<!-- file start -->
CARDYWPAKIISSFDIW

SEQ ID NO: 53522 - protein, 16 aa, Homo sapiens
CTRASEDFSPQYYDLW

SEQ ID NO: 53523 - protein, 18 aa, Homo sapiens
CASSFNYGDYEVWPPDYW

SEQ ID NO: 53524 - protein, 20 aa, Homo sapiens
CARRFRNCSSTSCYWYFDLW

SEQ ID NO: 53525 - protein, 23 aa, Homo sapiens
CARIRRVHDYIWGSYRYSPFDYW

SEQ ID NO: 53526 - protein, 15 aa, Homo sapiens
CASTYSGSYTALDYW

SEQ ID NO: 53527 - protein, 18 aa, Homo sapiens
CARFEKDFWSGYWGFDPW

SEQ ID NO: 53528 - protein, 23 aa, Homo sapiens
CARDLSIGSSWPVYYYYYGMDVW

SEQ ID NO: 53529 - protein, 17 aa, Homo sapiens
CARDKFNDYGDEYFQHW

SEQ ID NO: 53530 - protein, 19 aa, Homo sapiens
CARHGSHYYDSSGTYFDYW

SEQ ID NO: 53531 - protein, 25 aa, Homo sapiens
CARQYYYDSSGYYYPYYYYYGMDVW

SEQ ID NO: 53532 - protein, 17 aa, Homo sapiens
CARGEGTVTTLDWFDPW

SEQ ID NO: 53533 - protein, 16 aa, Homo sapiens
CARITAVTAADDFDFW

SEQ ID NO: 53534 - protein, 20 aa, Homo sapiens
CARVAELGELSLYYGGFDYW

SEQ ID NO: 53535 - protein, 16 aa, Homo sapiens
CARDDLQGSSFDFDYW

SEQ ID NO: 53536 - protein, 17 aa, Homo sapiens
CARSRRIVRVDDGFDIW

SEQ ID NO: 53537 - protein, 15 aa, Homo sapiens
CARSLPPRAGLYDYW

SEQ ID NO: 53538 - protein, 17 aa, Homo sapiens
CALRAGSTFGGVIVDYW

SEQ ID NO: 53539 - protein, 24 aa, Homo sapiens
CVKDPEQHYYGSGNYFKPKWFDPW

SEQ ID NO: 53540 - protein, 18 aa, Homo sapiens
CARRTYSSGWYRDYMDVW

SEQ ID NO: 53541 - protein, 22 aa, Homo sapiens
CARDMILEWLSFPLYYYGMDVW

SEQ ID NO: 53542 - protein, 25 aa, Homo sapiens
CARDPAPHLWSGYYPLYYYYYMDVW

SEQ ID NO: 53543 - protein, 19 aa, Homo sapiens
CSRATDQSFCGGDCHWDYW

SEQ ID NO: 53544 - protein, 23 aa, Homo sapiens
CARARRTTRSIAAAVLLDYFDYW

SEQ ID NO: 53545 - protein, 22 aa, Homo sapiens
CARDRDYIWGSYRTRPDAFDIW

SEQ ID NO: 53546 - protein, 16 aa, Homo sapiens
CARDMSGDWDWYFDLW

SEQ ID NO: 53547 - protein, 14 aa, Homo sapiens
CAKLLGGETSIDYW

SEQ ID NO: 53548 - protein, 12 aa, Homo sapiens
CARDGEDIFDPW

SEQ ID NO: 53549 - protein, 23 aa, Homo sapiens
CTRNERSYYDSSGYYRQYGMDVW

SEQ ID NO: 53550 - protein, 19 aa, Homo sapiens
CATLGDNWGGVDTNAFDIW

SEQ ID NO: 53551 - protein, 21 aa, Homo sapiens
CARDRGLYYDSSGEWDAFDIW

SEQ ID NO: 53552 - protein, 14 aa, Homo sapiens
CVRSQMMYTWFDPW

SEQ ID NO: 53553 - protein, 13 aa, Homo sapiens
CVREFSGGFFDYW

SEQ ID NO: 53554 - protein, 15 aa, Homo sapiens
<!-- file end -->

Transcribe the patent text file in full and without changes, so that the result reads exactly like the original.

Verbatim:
CARDYWPAKIISSFDIW

SEQ ID NO: 53522 - protein, 16 aa, Homo sapiens
CTRASEDFSPQYYDLW

SEQ ID NO: 53523 - protein, 18 aa, Homo sapiens
CASSFNYGDYEVWPPDYW

SEQ ID NO: 53524 - protein, 20 aa, Homo sapiens
CARRFRNCSSTSCYWYFDLW

SEQ ID NO: 53525 - protein, 23 aa, Homo sapiens
CARIRRVHDYIWGSYRYSPFDYW

SEQ ID NO: 53526 - protein, 15 aa, Homo sapiens
CASTYSGSYTALDYW

SEQ ID NO: 53527 - protein, 18 aa, Homo sapiens
CARFEKDFWSGYWGFDPW

SEQ ID NO: 53528 - protein, 23 aa, Homo sapiens
CARDLSIGSSWPVYYYYYGMDVW

SEQ ID NO: 53529 - protein, 17 aa, Homo sapiens
CARDKFNDYGDEYFQHW

SEQ ID NO: 53530 - protein, 19 aa, Homo sapiens
CARHGSHYYDSSGTYFDYW

SEQ ID NO: 53531 - protein, 25 aa, Homo sapiens
CARQYYYDSSGYYYPYYYYYGMDVW

SEQ ID NO: 53532 - protein, 17 aa, Homo sapiens
CARGEGTVTTLDWFDPW

SEQ ID NO: 53533 - protein, 16 aa, Homo sapiens
CARITAVTAADDFDFW

SEQ ID NO: 53534 - protein, 20 aa, Homo sapiens
CARVAELGELSLYYGGFDYW

SEQ ID NO: 53535 - protein, 16 aa, Homo sapiens
CARDDLQGSSFDFDYW

SEQ ID NO: 53536 - protein, 17 aa, Homo sapiens
CARSRRIVRVDDGFDIW

SEQ ID NO: 53537 - protein, 15 aa, Homo sapiens
CARSLPPRAGLYDYW

SEQ ID NO: 53538 - protein, 17 aa, Homo sapiens
CALRAGSTFGGVIVDYW

SEQ ID NO: 53539 - protein, 24 aa, Homo sapiens
CVKDPEQHYYGSGNYFKPKWFDPW

SEQ ID NO: 53540 - protein, 18 aa, Homo sapiens
CARRTYSSGWYRDYMDVW

SEQ ID NO: 53541 - protein, 22 aa, Homo sapiens
CARDMILEWLSFPLYYYGMDVW

SEQ ID NO: 53542 - protein, 25 aa, Homo sapiens
CARDPAPHLWSGYYPLYYYYYMDVW

SEQ ID NO: 53543 - protein, 19 aa, Homo sapiens
CSRATDQSFCGGDCHWDYW

SEQ ID NO: 53544 - protein, 23 aa, Homo sapiens
CARARRTTRSIAAAVLLDYFDYW

SEQ ID NO: 53545 - protein, 22 aa, Homo sapiens
CARDRDYIWGSYRTRPDAFDIW

SEQ ID NO: 53546 - protein, 16 aa, Homo sapiens
CARDMSGDWDWYFDLW

SEQ ID NO: 53547 - protein, 14 aa, Homo sapiens
CAKLLGGETSIDYW

SEQ ID NO: 53548 - protein, 12 aa, Homo sapiens
CARDGEDIFDPW

SEQ ID NO: 53549 - protein, 23 aa, Homo sapiens
CTRNERSYYDSSGYYRQYGMDVW

SEQ ID NO: 53550 - protein, 19 aa, Homo sapiens
CATLGDNWGGVDTNAFDIW

SEQ ID NO: 53551 - protein, 21 aa, Homo sapiens
CARDRGLYYDSSGEWDAFDIW

SEQ ID NO: 53552 - protein, 14 aa, Homo sapiens
CVRSQMMYTWFDPW

SEQ ID NO: 53553 - protein, 13 aa, Homo sapiens
CVREFSGGFFDYW

SEQ ID NO: 53554 - protein, 15 aa, Homo sapiens